Q: What are your views on teacher tenure? Should seniority dictate hiring, retention and layoffs?

A: Gagnon: We’re in our third year of teacher evaluations. Although we need to improve the process, evals helps us understand what support and professional development educators need to provide quality differentiated instruction in every classroom, and educators improve with experience. Teachers who cannot or will not improve their practice are leaving MPS.

Altamirano: Tenure provides educators with the protection needed to take risks with new materials or learning methods, question administration’s decisions, or speak out without fear of reprisal. However, we must ensure that tenure does not conflict with every child’s right to have effective teachers in every classroom and strong leadership at every school.

Samuels: Experienced teachers tend to be more effective and so tenure should be a consideration in evaluations. But effectiveness and tenure are not synonymous. We must agree on the student outcomes that we want, then hire and retain the teachers that produce those outcomes consistently.

Jourdain: I fully support teacher tenure. Tenure gives teachers the ability to advocate not only for their own students, but also students in the school, fellow staff, etc. without fear of retribution from administration. It should not be tweaked in anyway as two of my other opponents have suggested in forums nor should ending (Last in First Out) be tweaked.  

Q: Is Superintendent Bernadeia Johnson serving the students of Minneapolis well? Why or why not? Will you support to keep her on as superintendent or does the district need new leadership? Explain your answer.

A: Gagnon: She oversees the work. The results reflect her leadership. However, I don’t go solely by MCA/MMR results to determine how our students are doing. I am hopeful about November Board Meeting’s academic report detailing how students grew academically according to districtwide benchmark assessments, as well as other progress measurements.

Altamirano: MPS currently has a solid leadership team capable of implementing new strategic plans. However, if we don’t see substantial results by the time the board negotiates the Superintendents next contract, it may be time to find new leadership. For now, the district needs stability to reach its ambitious goals.

Samuels: The shift and Acceleration initiatives are bold, aspirational moves by the superintendent. But she needs support from an independent and courageous board and cooperation from an inspired team. She has not had that. If we elect a board that puts children first, I believe she can be successful.

Jourdain: No. Too many poor decisions. Giving bonuses to district staff making six-figures with a 54% grad rate is one example of many. Thinking about an Office of Black Male Achievement for 5 years. before implementing it while losing black male students during that time is another example. Complacency without accountability has the worst ending.

Q: In your view, what is causing the district’s vast achievement gap? How do you plan to close the district’s achievement gap?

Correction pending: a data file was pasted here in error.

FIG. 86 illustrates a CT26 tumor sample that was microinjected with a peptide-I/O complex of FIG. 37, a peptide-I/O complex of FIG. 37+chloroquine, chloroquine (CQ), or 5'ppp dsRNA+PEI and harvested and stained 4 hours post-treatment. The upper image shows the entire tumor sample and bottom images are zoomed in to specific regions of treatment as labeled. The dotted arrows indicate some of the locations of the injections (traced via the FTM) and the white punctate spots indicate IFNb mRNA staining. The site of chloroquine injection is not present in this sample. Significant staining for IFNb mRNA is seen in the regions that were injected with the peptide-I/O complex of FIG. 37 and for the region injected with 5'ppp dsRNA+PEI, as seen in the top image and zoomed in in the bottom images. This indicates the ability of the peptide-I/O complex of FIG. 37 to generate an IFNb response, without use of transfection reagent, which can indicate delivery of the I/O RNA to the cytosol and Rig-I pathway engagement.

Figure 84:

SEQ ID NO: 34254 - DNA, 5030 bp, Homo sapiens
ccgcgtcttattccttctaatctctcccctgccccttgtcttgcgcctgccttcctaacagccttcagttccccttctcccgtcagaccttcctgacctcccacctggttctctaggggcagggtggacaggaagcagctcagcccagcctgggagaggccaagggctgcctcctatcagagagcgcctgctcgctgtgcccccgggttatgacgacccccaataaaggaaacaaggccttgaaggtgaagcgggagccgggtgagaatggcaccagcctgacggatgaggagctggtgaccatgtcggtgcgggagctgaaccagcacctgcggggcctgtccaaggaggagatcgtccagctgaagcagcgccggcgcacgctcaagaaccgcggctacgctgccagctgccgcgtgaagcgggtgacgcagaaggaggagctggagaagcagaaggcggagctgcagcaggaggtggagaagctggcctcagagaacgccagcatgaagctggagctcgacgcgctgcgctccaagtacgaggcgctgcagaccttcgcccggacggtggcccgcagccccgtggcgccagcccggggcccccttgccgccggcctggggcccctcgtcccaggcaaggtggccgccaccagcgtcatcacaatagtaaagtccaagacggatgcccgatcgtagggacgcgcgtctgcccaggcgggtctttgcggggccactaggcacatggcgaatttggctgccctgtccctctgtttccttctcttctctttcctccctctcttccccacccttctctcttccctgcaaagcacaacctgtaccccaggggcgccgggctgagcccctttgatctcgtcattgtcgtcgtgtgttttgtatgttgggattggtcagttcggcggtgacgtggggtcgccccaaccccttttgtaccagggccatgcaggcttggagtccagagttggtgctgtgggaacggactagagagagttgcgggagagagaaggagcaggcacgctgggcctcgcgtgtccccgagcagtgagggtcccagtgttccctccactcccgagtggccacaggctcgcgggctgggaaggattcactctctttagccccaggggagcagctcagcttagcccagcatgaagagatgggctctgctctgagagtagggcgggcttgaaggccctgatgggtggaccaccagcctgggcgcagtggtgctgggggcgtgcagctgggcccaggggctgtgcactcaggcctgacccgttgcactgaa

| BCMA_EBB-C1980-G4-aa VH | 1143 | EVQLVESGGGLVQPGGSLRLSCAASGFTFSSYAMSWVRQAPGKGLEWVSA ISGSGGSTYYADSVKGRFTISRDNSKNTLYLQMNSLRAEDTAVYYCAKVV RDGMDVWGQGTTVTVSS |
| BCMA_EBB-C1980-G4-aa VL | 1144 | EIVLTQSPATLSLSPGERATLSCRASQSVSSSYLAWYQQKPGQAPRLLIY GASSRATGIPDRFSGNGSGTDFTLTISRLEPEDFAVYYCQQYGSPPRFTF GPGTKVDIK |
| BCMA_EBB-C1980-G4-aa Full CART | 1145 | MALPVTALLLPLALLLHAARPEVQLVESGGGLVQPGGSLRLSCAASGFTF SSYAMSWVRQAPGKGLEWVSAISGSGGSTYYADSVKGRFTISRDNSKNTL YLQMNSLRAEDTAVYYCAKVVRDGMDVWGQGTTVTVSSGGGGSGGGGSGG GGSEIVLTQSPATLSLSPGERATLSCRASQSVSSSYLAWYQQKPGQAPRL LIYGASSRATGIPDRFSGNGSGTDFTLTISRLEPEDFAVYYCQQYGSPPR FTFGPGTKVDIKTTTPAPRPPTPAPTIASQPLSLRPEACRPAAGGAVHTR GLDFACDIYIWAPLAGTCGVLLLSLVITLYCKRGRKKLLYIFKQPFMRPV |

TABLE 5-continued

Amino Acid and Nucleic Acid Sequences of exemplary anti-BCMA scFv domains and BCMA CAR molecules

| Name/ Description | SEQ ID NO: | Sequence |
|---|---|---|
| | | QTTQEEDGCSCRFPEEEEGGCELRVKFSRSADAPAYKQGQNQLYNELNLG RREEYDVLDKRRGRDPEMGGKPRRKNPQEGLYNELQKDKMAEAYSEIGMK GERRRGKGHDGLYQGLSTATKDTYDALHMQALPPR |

A: Gagnon: (Did not answer question regarding cause of gap) The updated Behavior Standards and new Equity and Diversity policies, including our Equity Impact Assessment work reviewing our policies, practices and systems to determine if a disparate impact by race, zip code, etc exists. Being proactive and intentional about addressing institutional racism to not perpetuate disparate outcomes. Serving the whole child

Altamirano: Institutionalized racism, poverty and mobility; poorly resourced schools; limited physical and mental health care; and lack of social capital all contribute.

I will organize against an environment where dedication and complacency about poverty and other external barriers to student success coexist.

Samuels: While demographics, neighborhoods and culture have changed, the district stays stuck in ineffectiveness. Make a pact with each parent. Replicate programs that work. Identify what is not working, and end it. Relentlessly monitor the progress. Report frequently to the community. Make real time adjustments accordingly. Act with a sense of urgency.

Jourdain: Racial/Socio/Economic Disparities outside of the classroom. Poor classroom support for teachers and school staff inside the classroom coming from the district/administrative level. Community engagement both inside and outside the classroom.

Q: Do you support the district's plan to allow schools more autonomy through it's Community Partnership initiative? If yes, how will you support the plan? If not, why?

A: Gagnon: MPS still has some foundational work required to implement our CPS successfully. We are working vigilantly to approve a robust Site Based Governance policy, we are reviewing and revising our placement policies/practices, and our budget processes are being transformed to become more transparent, predictable and stable.

Altamirano: I support greater autonomy in exchange for accountability and will advocate to prepare educational leaders to manage these new flexibilities with relevant, quality training and a professional and collaborative culture for faculty.
Autonomy gives schools control over decisions and allows for management of bureaucratic constraints, which may be limiting their impact to improve outcomes. 

Samuels: Yes, diversities in culture, learning styles, learning levels, class and backgrounds demand diversity in approaches. I will ensure that resources are justly allocated to support local initiatives. Then, I will hold leaders accountable to produce outcomes they commit to.

Jourdain: Not at this time. As a MPS parent I attended all 3 Area meetings. They were presentations on Accel2020 but were very vague on specifics especially when it comes to autonomy and how to define it, who oversees the implementation, etc. MPS needs to be way more transparent and forthcoming.